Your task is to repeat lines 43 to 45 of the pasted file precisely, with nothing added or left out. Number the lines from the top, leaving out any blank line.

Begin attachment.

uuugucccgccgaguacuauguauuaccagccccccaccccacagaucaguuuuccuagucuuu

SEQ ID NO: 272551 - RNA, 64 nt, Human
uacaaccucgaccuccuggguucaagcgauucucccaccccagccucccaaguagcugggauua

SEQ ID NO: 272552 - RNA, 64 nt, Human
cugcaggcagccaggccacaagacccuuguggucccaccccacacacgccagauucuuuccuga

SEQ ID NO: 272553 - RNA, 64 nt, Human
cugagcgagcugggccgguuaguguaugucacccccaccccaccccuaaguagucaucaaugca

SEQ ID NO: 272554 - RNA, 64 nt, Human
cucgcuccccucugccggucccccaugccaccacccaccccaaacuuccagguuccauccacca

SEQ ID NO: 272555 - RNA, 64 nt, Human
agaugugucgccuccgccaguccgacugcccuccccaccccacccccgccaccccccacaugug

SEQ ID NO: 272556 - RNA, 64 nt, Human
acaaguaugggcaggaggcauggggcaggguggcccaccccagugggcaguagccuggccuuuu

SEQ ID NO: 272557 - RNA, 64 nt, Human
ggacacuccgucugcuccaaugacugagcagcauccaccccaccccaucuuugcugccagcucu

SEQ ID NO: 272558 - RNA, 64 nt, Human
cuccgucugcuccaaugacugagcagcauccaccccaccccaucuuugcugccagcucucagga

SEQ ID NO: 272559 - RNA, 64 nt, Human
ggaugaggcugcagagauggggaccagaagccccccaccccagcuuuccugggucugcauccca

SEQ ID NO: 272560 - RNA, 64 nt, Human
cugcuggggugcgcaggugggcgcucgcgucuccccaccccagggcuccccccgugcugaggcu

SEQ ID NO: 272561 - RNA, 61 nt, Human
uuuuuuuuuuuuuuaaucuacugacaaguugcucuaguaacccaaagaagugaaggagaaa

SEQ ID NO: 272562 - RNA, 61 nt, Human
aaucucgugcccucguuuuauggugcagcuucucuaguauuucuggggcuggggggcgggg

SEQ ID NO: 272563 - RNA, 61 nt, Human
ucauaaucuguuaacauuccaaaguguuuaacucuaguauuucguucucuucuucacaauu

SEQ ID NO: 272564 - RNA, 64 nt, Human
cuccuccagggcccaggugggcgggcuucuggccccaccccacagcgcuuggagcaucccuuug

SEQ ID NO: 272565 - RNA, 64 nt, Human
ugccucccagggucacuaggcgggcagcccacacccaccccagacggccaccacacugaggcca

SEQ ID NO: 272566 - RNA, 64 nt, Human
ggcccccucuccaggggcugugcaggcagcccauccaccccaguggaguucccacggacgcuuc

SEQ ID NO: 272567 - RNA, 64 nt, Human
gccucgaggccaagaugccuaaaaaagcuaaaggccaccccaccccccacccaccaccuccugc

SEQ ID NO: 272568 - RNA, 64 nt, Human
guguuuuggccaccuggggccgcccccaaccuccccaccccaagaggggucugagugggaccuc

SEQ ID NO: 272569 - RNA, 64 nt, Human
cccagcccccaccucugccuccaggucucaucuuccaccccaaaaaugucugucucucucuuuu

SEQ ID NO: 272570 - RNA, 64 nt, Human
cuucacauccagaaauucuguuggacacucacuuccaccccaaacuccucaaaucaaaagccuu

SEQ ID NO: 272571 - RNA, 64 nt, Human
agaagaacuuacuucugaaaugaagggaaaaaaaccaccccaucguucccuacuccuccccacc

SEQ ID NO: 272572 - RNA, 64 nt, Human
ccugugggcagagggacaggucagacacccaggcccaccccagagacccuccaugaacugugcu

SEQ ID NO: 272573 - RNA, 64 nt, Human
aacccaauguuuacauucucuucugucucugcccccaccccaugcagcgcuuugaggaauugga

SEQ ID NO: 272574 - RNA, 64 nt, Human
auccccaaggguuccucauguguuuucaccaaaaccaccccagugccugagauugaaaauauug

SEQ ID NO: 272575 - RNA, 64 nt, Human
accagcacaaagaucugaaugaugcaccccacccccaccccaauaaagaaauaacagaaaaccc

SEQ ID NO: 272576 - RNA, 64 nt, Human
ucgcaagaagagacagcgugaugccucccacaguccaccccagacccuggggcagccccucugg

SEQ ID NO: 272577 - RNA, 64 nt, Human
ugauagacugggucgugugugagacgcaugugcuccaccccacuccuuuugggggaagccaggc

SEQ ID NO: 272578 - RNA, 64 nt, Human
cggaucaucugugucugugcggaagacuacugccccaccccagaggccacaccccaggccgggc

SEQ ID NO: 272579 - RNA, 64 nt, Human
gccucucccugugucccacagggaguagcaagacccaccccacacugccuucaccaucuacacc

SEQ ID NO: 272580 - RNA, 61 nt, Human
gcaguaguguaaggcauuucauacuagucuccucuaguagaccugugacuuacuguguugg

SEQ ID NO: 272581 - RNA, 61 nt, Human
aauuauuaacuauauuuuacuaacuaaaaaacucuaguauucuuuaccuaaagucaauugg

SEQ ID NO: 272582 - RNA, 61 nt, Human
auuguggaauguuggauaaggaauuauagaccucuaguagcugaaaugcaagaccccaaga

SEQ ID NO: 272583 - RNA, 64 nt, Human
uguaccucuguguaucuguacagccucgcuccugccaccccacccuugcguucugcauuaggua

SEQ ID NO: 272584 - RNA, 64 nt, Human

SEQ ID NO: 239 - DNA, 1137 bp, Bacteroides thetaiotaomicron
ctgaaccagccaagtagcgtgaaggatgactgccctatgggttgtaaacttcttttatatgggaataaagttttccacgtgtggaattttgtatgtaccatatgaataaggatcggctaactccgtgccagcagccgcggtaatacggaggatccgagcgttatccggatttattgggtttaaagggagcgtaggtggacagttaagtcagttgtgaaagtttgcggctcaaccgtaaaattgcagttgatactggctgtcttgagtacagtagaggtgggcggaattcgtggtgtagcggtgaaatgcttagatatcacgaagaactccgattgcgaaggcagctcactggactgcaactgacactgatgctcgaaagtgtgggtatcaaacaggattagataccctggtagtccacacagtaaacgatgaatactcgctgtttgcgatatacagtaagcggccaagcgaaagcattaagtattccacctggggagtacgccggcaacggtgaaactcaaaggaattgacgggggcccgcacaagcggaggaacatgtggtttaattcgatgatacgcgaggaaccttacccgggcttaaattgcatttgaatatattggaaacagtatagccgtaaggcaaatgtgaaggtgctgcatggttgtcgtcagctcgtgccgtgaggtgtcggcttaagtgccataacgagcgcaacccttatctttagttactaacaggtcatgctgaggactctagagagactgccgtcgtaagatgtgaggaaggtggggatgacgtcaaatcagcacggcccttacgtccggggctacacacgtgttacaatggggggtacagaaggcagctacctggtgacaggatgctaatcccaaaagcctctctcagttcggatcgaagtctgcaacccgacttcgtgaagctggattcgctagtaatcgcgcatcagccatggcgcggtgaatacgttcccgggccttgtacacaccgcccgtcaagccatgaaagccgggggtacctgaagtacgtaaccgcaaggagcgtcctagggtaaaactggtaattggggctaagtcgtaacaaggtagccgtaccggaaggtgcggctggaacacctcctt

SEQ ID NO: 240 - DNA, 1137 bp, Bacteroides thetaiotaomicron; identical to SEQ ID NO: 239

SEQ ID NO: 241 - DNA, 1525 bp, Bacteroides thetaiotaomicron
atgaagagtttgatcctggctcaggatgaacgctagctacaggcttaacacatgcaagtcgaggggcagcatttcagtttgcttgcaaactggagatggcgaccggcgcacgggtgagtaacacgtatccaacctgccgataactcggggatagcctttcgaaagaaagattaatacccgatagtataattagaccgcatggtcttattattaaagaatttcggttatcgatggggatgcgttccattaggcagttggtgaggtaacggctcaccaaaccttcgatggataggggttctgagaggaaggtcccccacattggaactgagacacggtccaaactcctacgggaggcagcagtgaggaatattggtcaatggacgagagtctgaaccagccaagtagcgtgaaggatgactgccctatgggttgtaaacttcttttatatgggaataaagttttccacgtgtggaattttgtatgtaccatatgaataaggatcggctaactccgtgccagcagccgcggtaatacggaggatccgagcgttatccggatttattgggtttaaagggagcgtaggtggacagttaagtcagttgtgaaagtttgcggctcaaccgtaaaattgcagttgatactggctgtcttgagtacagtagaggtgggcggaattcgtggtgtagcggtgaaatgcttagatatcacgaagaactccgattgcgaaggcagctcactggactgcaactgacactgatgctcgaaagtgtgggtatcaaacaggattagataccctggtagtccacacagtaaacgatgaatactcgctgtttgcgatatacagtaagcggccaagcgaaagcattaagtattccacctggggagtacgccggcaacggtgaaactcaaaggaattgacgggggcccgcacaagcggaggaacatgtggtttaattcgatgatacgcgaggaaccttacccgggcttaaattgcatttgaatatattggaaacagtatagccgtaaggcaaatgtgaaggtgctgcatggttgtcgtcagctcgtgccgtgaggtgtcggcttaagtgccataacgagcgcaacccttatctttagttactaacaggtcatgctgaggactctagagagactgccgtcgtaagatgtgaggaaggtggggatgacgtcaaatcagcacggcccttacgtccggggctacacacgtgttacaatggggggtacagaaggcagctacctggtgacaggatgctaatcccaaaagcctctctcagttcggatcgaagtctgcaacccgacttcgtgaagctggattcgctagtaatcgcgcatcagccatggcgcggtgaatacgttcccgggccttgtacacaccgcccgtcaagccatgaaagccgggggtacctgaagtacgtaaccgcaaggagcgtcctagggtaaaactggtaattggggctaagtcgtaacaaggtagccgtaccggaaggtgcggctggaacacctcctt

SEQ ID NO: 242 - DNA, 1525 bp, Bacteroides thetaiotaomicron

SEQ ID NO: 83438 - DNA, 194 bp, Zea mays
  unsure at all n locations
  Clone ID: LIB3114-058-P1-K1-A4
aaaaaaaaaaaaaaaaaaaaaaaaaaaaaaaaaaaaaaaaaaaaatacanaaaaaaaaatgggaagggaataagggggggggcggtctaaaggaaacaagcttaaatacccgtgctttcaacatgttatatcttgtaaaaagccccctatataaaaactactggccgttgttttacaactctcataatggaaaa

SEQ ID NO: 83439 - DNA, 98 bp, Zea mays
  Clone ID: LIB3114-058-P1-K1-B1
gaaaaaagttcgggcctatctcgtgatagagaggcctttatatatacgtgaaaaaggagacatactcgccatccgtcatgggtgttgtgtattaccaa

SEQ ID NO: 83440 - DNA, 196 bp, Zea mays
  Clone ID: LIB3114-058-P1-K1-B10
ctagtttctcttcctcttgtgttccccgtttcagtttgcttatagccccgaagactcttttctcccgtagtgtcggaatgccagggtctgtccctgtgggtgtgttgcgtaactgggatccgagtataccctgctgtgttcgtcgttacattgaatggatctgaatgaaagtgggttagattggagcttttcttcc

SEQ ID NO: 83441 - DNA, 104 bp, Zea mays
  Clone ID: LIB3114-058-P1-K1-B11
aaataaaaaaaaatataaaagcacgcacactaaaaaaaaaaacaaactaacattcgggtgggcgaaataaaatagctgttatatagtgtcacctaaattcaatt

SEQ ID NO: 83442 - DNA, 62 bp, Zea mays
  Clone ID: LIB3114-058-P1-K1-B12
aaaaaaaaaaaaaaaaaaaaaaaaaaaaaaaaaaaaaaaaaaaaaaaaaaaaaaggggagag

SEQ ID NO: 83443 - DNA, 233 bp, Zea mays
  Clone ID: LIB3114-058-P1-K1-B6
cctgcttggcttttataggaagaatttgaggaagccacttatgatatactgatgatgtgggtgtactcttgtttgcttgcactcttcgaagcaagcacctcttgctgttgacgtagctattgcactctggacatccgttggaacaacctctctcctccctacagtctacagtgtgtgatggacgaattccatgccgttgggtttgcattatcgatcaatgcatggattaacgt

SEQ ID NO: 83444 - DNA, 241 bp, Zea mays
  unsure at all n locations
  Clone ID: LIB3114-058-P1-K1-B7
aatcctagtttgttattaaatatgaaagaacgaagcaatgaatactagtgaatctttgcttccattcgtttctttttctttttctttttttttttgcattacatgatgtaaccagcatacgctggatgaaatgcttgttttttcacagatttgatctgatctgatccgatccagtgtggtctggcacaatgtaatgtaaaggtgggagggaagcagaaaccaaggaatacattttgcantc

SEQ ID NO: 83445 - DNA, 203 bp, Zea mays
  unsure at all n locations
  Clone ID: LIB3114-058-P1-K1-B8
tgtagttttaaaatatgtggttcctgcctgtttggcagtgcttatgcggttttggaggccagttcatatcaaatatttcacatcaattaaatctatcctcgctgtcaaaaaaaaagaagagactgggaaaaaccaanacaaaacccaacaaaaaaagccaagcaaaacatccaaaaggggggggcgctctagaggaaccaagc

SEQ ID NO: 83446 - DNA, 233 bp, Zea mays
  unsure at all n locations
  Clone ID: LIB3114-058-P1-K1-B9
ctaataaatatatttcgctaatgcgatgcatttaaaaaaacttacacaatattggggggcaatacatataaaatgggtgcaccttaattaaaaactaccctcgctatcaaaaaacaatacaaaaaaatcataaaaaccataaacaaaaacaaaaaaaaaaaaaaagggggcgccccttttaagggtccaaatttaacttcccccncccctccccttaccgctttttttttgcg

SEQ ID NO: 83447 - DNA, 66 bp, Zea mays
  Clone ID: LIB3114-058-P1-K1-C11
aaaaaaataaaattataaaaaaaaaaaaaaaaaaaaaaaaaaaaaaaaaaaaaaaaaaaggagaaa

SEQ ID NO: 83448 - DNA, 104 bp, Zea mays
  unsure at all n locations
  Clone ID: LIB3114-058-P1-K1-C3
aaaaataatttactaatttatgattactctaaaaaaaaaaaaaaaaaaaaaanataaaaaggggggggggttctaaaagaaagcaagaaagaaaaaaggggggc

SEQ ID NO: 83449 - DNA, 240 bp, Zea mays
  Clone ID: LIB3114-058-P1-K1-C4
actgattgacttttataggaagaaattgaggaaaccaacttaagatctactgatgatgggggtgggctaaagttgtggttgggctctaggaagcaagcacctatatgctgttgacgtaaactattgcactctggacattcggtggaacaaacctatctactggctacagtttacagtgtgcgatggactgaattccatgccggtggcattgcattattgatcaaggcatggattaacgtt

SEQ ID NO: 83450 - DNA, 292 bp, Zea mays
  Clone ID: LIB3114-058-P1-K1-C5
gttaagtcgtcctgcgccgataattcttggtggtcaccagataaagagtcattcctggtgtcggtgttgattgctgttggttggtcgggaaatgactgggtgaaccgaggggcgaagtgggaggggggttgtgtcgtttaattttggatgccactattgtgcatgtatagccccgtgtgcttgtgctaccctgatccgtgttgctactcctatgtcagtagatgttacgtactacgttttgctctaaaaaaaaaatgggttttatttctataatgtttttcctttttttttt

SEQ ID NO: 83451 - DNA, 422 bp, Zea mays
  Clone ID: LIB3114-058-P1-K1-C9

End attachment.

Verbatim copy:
agaagaacuuacuucugaaaugaagggaaaaaaaccaccccaucguucccuacuccuccccacc

SEQ ID NO: 272572 - RNA, 64 nt, Human
ccugugggcagagggacaggucagacacccaggcccaccccagagacccuccaugaacugugcu